The identities of the two coup plotter generals who applied for asylum to Germany have reportedly been identified, the Hürriyet daily reported on Friday. Earlier this week, the German daily Bild reported that two senior Turkish coup plotter generals applied for asylum in Germany at Frankfurt Airport Tuesday. The newspaper claimed that the two generals are thought to have been involved in last year's July 15 coup attempt and indicated that after a preliminary evaluation of their applications, the duo will be placed in temporary settlement zones.
The fugitive coup plotter generals that were linked with the Gülenist Terror Group (FETÖ) were reportedly identified as Brigadier General Numan Yediyıldız, who was dismissed following the coup attempt while he was serving in the Southeastern Europe Brigade (SEEBRIG), and Brig. Gen. Mehmet Yalınalp, who was fired following the July coup attempt while he was serving as the head of NATO's air command strategy in Germany.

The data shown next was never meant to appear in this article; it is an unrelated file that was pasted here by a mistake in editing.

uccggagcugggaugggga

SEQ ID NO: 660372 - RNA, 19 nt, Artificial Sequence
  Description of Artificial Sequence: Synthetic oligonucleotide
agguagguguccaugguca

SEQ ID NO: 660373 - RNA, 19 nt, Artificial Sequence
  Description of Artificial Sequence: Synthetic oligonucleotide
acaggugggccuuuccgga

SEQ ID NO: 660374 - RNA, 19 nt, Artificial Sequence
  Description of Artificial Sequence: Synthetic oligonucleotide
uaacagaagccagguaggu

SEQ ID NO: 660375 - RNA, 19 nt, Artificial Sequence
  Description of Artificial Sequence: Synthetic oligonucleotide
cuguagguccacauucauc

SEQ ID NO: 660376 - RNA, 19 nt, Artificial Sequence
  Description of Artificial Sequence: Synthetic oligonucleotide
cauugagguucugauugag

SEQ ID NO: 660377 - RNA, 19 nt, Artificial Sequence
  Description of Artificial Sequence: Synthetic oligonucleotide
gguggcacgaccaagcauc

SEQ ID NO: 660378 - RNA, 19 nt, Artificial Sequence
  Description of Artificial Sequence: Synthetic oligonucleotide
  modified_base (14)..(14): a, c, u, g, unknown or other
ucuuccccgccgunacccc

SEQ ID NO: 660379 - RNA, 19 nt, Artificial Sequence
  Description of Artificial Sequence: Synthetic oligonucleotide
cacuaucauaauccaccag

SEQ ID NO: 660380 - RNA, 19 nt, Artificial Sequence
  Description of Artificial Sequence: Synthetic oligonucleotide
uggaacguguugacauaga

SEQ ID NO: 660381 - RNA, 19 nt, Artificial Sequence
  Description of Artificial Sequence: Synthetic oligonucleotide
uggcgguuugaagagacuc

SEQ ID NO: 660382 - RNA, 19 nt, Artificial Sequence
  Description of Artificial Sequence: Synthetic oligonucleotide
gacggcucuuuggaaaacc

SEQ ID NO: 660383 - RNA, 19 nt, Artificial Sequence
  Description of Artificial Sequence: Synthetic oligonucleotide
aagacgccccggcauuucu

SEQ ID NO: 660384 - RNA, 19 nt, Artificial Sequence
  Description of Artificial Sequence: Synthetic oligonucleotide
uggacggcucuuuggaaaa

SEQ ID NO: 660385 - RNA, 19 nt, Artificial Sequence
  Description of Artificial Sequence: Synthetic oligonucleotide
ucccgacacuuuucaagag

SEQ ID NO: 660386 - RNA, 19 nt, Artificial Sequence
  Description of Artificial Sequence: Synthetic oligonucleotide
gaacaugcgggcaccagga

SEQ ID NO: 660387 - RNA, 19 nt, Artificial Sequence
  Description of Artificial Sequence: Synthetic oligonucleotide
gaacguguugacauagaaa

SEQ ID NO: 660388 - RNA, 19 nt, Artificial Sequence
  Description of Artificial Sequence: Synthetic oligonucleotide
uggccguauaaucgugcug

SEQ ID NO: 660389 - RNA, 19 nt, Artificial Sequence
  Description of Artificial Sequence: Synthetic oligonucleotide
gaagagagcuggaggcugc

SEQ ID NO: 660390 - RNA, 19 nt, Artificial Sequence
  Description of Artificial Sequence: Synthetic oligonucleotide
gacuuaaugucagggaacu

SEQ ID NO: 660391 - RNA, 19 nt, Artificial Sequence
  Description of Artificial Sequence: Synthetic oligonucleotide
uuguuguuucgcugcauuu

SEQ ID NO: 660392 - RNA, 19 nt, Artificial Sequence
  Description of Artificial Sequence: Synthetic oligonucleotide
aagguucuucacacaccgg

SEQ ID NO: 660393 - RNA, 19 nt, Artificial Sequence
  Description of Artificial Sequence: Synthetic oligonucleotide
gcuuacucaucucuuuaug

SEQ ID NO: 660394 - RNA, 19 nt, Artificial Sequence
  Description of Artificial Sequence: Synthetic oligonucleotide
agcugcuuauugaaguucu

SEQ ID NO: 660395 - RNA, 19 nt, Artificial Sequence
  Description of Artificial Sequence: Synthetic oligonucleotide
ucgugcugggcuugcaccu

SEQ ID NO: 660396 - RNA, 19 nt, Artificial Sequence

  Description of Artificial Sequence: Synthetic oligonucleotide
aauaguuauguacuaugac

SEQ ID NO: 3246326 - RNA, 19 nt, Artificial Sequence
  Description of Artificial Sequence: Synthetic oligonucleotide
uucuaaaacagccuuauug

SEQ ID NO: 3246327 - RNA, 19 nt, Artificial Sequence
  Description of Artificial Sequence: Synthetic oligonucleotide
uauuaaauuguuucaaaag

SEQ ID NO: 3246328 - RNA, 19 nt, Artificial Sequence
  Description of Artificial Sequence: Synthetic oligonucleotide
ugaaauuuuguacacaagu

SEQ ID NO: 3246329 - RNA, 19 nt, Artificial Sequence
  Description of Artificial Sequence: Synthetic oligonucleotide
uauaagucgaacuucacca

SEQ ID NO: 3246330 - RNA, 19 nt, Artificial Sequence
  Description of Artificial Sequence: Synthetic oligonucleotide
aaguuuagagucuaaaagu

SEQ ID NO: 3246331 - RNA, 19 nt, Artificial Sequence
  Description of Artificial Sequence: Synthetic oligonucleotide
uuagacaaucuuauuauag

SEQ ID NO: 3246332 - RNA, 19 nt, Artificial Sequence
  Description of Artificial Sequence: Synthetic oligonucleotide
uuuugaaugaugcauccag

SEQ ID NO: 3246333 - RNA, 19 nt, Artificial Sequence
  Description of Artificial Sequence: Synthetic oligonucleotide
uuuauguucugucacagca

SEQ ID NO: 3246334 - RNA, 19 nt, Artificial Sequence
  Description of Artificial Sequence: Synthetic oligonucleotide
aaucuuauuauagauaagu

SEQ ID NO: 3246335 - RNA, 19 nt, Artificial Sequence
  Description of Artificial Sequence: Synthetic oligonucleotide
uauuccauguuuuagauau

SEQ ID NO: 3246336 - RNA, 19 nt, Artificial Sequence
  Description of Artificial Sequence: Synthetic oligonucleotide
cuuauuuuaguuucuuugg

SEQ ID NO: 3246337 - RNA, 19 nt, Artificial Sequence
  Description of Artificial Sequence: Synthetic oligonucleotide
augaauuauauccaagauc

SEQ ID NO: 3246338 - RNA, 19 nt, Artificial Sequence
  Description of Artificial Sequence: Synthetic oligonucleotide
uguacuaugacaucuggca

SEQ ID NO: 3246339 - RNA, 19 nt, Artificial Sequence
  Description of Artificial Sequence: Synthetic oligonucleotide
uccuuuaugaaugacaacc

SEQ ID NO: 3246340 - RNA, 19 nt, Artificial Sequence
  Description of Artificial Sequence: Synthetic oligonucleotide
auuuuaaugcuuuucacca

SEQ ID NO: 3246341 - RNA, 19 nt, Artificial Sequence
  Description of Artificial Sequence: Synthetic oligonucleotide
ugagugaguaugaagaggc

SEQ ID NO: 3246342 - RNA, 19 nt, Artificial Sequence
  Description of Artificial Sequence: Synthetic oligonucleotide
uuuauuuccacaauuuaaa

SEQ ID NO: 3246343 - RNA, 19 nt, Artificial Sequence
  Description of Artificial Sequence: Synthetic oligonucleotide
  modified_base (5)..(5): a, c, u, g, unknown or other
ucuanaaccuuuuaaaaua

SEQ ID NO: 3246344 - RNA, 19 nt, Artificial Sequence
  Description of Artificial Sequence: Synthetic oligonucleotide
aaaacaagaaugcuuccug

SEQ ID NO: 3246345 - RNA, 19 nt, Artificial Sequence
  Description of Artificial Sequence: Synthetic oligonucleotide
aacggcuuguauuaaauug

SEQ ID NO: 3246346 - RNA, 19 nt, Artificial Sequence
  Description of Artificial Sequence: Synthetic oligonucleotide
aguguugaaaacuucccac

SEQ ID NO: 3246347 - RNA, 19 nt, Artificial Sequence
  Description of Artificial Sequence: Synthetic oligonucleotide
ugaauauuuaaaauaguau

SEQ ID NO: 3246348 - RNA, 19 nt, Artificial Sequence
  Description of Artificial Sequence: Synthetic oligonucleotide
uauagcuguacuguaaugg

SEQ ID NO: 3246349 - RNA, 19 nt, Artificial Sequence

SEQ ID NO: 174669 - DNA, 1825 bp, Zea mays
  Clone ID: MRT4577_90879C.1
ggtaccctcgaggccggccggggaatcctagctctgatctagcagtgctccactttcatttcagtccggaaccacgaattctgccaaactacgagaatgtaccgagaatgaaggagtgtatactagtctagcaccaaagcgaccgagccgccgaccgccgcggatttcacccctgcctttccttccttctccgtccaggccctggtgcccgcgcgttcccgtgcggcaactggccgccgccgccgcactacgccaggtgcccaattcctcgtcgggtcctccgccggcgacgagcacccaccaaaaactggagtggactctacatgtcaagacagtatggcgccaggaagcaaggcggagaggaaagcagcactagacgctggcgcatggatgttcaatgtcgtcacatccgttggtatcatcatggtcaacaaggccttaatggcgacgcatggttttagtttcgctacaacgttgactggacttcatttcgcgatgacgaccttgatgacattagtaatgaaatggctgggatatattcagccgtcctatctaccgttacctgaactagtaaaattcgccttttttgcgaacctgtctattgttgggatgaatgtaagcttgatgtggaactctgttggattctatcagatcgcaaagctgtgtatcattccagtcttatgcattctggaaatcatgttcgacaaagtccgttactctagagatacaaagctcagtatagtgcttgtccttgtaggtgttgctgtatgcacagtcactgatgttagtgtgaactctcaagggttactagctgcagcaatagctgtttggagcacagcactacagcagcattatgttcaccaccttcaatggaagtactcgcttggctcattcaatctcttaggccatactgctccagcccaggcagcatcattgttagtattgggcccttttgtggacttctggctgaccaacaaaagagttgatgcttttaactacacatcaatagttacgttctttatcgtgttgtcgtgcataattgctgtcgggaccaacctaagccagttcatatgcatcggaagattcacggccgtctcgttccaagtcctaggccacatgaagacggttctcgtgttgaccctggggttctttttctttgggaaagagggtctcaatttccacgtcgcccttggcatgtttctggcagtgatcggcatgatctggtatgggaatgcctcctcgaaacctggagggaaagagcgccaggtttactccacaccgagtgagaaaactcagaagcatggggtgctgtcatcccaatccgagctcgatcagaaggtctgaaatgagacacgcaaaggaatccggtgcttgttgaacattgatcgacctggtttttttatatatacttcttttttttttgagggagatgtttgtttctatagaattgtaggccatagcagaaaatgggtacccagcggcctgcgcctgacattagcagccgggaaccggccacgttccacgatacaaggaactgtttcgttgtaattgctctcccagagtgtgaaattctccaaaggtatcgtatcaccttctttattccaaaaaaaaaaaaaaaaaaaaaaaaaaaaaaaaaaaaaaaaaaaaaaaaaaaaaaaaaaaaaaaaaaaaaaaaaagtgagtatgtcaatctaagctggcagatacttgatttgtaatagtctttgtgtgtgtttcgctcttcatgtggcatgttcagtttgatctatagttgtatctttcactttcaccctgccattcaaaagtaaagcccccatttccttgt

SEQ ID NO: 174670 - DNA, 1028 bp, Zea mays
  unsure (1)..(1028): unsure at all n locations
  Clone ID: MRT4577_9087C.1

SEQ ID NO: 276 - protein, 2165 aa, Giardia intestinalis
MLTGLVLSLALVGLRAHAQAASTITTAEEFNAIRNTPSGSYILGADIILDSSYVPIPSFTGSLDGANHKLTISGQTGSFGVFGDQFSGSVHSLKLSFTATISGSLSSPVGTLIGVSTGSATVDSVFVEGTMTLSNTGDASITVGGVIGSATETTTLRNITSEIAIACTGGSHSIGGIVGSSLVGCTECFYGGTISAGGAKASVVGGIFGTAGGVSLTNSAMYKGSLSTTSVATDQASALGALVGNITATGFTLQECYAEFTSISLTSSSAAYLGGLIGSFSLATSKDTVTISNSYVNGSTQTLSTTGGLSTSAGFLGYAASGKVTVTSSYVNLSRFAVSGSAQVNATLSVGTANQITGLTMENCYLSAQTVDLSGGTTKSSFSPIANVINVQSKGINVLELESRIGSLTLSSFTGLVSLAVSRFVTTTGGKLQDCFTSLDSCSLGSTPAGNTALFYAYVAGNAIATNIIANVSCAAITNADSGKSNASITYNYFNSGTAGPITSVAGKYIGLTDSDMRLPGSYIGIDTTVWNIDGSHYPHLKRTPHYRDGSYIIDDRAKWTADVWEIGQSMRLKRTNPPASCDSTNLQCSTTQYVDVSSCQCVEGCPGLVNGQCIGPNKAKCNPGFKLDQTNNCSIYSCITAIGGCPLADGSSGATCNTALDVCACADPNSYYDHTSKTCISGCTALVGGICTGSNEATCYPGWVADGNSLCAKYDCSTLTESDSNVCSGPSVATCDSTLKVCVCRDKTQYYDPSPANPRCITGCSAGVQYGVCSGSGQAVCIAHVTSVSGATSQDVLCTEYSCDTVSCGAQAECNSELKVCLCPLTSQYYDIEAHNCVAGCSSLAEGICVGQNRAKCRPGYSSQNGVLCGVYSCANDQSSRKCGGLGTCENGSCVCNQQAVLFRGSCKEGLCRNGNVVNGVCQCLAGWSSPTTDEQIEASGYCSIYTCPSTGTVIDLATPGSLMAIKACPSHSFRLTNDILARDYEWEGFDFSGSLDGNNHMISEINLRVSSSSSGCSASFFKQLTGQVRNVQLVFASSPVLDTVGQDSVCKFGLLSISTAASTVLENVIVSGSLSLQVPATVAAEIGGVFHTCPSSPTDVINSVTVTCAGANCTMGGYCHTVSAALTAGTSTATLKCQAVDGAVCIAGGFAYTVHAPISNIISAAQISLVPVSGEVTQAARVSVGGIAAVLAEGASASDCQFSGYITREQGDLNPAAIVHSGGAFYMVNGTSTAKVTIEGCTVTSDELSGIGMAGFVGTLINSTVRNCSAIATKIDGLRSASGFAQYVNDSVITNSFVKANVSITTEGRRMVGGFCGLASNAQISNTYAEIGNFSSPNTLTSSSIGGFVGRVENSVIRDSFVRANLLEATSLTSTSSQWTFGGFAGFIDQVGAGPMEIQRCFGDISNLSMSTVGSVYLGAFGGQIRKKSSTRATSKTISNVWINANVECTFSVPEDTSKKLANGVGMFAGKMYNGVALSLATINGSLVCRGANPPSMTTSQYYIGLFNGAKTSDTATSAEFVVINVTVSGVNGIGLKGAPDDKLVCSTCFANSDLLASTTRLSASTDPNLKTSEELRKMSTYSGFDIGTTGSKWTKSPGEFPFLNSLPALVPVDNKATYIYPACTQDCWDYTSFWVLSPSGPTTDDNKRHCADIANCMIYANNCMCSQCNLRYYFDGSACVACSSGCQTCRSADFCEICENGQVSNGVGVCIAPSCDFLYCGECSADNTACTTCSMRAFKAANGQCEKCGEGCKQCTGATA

Germany's welcoming attitude toward coup plotters who fled Turkey has stirred up tension between the two countries. The country can be singled out among European countries for embracing at least 250 fugitive diplomats and soldiers accused of involvement in the coup with suspected links to FETÖ.
The U.S. is the second most preferred destination for Gülenists fleeing their native Turkey.
On July 15, a small military junta linked to FETÖ attempted to topple the democratically elected president and government in Turkey and impose martial law. The attempt was prevented by military troops loyal to the government, along with police units and millions of Turkish citizens in favor of democracy.
A total of 249 people, consisting of mostly civilians, were killed by pro-coup soldiers, while over 2,000 people were injured. The attempt was masterminded by Fetullah Gülen, who has been living in self-imposed exile on a 400-acre property in the foothills of the Pocono Mountains in Pennsylvania since 1999.